When Temasek accumulated close a close to 20-per-cent stake, the Hong Kong government issued a warning that further raising of the stake by entities controlled by a foreign government may cause Standard Chartered Bank to lose its privilege to be one of the three banks allowed to print bank notes. The ability to print bank notes for all Hong Kong legal tender is seen as something very prestigious.
Fast forward to the modern day and Standard Chartered Bank is one of the world’s major banks.
In 2015, under the Basel framework (into it’s third revision) for the stability of the banking sector for which Singapore is one of the signatory countries, some banks are deemed as “Domestically Systematically important bank” or D-SIB by the Monetary Authority of Singapore (MAS).
In Singapore, several banks fall into this category of domestically systematically important D-SIB. They are:
- DBS Bank
- Oversea-Chinese Banking Corp (OCBC)
- United Overseas Bank (UOB)
- Malayan Banking Berhad (Maybank)
- Standard Chartered Bank, and
- Hongkong and Shanghai Banking Corporation (HSBC)
MAS said D-SIBs are banks that are assessed to have a significant impact on the stability of the financial system and proper functioning of the broader economy. All banks in Singapore will be assessed for their systemic importance annually based on their size, interconnectedness, substitutability and complexity.
Banks that are deemed D-SIB will be subject to an additional pair of eyes from the MAS, hence their successful continuation is deemed nationally important in Singapore.
Hence, it is safe to say that Standard Chartered Bank (Singapore) Limited is “Here for good”.
As a Mortgage Broker we are impartial when it comes helping customers compare and analyse the best home loan packages. On a personal level, though, I cannot help but have a deep affinity to Standard Chartered Bank just because of the Tanglin Halt branch.
“Boy boy, you come to deposit your pocket money again ah… Got enough money to eat or not you deposit so much?” still rings in my ear, a familiar sight and sound in my mind’s eye. Bank tellers are the unsung heroes of banking.
So is Standard Chartered Bank a foreign bank or a local bank? It is a foreign bank whereby Temasek has a very strong share position. For me, this is a bank I grew up with, it is a bank I feel very local and close to my heart.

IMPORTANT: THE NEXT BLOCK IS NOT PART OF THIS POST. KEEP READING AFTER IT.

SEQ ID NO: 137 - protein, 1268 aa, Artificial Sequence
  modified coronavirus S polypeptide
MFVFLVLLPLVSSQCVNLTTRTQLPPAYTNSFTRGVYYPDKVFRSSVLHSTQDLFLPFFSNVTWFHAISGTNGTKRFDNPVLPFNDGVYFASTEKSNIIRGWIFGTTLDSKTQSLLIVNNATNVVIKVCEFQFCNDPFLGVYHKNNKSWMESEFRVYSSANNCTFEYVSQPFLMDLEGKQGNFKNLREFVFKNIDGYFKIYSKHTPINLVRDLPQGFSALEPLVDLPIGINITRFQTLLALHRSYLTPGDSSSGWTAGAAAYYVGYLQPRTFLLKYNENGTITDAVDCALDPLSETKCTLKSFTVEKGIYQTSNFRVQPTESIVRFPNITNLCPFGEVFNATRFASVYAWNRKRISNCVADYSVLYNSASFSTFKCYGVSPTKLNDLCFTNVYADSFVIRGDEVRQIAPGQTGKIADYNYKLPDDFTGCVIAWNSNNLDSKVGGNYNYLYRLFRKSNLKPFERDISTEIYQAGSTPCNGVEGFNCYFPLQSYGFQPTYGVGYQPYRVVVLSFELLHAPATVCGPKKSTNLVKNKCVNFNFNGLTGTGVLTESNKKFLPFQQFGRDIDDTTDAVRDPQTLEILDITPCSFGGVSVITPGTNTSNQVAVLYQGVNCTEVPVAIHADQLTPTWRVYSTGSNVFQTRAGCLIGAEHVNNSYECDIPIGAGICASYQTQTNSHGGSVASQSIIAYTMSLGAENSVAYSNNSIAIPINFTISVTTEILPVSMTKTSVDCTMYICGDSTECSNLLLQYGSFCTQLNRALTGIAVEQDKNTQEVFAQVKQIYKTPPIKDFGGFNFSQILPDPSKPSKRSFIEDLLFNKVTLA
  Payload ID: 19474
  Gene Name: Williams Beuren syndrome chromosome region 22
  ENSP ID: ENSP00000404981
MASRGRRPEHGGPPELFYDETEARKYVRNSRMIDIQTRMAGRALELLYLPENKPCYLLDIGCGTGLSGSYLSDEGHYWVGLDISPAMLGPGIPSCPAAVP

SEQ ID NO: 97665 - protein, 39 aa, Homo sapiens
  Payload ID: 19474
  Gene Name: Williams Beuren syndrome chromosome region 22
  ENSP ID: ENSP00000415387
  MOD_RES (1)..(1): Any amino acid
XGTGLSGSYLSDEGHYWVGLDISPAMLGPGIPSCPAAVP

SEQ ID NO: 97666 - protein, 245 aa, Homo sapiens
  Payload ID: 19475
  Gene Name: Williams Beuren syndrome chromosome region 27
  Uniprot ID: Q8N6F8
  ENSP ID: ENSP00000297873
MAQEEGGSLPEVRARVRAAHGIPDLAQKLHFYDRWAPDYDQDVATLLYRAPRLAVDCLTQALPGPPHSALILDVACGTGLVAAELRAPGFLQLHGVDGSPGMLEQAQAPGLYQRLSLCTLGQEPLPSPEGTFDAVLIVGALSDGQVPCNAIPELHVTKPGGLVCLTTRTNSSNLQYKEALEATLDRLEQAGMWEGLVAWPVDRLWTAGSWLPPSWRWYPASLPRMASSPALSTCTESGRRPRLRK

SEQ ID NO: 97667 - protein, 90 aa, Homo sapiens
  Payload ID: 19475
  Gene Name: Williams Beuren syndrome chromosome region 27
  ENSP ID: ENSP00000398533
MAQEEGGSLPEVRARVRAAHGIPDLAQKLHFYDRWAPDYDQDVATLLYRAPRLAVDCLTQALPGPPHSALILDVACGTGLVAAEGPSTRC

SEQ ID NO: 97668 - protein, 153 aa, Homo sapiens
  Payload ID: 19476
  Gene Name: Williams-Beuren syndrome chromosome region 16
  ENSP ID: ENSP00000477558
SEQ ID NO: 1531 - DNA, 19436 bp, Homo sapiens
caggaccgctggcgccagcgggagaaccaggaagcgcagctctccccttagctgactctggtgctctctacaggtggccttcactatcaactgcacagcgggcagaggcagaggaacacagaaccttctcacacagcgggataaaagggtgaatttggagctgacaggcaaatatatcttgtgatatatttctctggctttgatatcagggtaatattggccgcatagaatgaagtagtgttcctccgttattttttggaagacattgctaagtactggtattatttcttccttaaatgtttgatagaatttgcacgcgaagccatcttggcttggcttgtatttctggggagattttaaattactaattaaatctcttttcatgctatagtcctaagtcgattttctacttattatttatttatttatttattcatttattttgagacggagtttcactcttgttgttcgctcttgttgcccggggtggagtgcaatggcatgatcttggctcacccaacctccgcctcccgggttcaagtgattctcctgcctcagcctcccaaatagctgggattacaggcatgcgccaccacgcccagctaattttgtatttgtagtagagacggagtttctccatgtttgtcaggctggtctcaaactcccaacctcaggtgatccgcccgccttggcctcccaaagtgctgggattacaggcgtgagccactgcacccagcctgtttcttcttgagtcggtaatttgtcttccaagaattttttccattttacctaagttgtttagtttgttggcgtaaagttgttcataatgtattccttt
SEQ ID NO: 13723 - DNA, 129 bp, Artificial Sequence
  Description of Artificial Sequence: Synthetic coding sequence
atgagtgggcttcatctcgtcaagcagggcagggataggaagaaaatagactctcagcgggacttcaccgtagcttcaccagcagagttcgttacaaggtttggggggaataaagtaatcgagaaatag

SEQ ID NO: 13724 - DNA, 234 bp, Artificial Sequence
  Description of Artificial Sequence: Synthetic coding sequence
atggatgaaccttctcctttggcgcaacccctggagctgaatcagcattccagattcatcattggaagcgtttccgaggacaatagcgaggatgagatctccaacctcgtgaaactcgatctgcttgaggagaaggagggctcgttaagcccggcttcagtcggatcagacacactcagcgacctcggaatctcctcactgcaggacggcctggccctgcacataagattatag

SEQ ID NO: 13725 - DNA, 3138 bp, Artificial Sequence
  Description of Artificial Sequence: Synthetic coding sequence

About Paul Ho: Paul holds an a B.Eng(Hons) Aberdeen University (UK) and a Masters of Business Administration (MBA) from Macquarie Graduate School of Business (MGSM) Australia and is an ACTA certified trainer in case you would like him to conduct your courses. He also serves as current President of Macquarie University Alumni Association of Singapore and Former Honorary Secretary of British Alumni Singapore and former Treasurer of Australia Alumni Singapore (AAS).
He is founder of www.iCompareLoan.com. His articles have been syndicated/featured on STproperty, iProperty, BTInvest, TheEdgeProperty, Propwise, Propquest, Yahoo, TheOnlineCitizen and Propertyguru amongst many other sites. He has also been quoted on South China Morning Posts, Xinmin daily 新民日报, and interviewed on Channel 8 狮城有约, 938 Live, Love 972.
He has given speeches, trainings and/or seminars at NUH Lunch time talk, iProperty, David Poh and Associates, Far East Bijou Launch seminar, NTU (Guest Lecture on SEO), Panel discussions at GPS Alliance, C&H, Skillup, British Alumni, Propertyguru, FPAS, Property launch seminars just to name a few.
He is passionate about helping people enhance their wealth and in making money work harder for them.